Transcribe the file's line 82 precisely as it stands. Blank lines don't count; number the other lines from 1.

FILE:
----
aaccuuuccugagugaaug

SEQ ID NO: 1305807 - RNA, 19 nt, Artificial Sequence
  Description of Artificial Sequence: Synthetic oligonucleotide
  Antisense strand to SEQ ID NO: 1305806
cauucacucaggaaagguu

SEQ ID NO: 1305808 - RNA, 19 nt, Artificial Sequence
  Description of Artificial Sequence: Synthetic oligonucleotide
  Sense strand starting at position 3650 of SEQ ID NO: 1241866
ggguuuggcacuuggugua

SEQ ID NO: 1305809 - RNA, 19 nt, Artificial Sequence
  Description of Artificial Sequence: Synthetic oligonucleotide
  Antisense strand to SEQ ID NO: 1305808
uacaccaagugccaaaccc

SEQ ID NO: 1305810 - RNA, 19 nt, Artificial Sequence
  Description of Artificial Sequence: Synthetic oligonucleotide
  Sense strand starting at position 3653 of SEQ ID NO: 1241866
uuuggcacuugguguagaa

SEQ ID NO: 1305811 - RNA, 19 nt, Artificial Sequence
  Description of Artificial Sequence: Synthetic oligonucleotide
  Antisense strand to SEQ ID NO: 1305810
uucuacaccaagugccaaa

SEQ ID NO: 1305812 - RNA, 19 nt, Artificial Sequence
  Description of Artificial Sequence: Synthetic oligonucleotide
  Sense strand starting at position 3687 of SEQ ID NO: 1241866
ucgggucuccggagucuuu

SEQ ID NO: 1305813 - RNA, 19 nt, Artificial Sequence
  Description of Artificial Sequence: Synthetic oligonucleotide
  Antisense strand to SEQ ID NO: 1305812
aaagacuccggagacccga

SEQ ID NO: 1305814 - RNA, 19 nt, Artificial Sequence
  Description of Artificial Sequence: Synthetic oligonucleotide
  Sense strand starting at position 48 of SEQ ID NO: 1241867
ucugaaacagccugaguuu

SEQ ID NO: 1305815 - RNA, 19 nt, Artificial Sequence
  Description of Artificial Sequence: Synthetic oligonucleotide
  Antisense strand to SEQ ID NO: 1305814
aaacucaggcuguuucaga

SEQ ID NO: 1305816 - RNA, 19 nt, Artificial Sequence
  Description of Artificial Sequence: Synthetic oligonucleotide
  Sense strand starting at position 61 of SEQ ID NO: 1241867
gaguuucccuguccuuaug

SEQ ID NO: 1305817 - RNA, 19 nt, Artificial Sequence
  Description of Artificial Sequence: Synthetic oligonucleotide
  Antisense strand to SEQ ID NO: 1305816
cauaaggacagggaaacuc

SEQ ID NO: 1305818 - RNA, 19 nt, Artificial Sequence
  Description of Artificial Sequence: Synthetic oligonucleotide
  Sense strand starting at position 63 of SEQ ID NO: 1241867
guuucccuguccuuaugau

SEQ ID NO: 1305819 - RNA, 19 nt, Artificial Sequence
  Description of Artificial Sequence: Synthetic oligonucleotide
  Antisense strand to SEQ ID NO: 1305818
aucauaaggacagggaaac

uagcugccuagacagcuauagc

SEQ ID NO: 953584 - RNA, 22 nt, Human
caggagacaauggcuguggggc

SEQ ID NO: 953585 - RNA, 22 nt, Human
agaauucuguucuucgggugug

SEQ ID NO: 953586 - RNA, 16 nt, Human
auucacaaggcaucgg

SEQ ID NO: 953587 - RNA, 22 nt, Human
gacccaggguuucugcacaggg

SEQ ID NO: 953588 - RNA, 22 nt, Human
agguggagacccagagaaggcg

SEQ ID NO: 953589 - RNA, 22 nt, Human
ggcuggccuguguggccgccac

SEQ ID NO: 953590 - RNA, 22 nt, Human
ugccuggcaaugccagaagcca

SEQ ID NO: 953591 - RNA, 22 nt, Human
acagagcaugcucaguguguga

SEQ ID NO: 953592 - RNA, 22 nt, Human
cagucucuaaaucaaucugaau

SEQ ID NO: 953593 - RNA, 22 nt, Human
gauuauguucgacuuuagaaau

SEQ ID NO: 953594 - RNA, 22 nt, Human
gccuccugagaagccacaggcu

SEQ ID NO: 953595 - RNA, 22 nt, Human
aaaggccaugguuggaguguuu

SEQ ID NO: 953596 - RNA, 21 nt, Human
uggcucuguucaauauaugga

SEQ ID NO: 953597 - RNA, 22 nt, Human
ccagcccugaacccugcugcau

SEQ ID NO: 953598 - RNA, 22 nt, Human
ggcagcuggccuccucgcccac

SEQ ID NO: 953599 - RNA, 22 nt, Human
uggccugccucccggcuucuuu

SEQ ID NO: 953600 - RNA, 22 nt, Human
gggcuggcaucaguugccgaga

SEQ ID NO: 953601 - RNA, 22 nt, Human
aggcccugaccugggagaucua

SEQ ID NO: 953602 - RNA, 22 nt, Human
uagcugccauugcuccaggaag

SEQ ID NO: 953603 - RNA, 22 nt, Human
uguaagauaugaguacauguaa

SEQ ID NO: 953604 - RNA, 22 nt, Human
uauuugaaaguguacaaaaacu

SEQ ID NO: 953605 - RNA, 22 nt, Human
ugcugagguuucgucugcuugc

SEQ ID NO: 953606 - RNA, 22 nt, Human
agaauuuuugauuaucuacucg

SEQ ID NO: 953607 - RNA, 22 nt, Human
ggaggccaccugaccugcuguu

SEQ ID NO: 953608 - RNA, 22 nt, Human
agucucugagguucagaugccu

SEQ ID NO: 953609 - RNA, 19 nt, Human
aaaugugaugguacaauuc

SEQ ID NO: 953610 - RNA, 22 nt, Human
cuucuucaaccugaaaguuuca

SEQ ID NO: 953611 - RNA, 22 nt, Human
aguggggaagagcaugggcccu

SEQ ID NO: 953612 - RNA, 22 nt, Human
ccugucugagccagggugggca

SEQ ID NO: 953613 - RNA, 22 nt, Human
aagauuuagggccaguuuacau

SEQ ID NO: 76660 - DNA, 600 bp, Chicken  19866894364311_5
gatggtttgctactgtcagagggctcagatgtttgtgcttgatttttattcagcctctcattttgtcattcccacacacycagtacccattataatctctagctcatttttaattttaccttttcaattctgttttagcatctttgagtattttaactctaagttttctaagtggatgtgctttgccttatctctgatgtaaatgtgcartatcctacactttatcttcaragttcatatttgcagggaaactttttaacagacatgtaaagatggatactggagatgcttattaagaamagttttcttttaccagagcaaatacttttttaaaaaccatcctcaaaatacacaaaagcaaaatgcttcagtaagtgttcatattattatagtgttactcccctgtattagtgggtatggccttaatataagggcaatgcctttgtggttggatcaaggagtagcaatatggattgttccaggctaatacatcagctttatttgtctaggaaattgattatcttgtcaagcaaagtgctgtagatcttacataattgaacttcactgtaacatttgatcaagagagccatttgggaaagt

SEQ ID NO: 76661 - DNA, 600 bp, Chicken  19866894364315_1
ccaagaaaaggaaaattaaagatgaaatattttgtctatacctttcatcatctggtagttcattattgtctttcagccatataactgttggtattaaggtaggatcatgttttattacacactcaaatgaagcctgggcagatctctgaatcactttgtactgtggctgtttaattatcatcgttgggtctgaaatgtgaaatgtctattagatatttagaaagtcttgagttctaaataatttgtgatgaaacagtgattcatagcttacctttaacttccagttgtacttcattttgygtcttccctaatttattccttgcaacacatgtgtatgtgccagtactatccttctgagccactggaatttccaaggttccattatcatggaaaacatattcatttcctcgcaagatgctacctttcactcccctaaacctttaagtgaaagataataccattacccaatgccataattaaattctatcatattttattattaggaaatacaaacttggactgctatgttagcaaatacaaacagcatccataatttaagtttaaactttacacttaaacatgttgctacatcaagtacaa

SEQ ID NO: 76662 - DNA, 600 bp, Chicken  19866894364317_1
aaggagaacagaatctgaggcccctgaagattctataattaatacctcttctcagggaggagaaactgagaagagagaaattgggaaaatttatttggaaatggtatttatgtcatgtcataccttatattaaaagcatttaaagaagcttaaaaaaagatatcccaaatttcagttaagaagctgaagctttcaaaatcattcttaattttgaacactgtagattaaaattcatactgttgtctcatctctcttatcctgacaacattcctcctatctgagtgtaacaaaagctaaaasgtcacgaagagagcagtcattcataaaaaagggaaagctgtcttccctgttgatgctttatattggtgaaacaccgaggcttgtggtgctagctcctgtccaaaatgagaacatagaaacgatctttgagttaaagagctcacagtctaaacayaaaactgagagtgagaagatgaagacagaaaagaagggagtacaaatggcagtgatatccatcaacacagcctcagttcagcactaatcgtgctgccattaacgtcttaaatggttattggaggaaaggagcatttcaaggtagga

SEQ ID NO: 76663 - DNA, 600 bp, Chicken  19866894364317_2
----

ccagcccugaacccugcugcau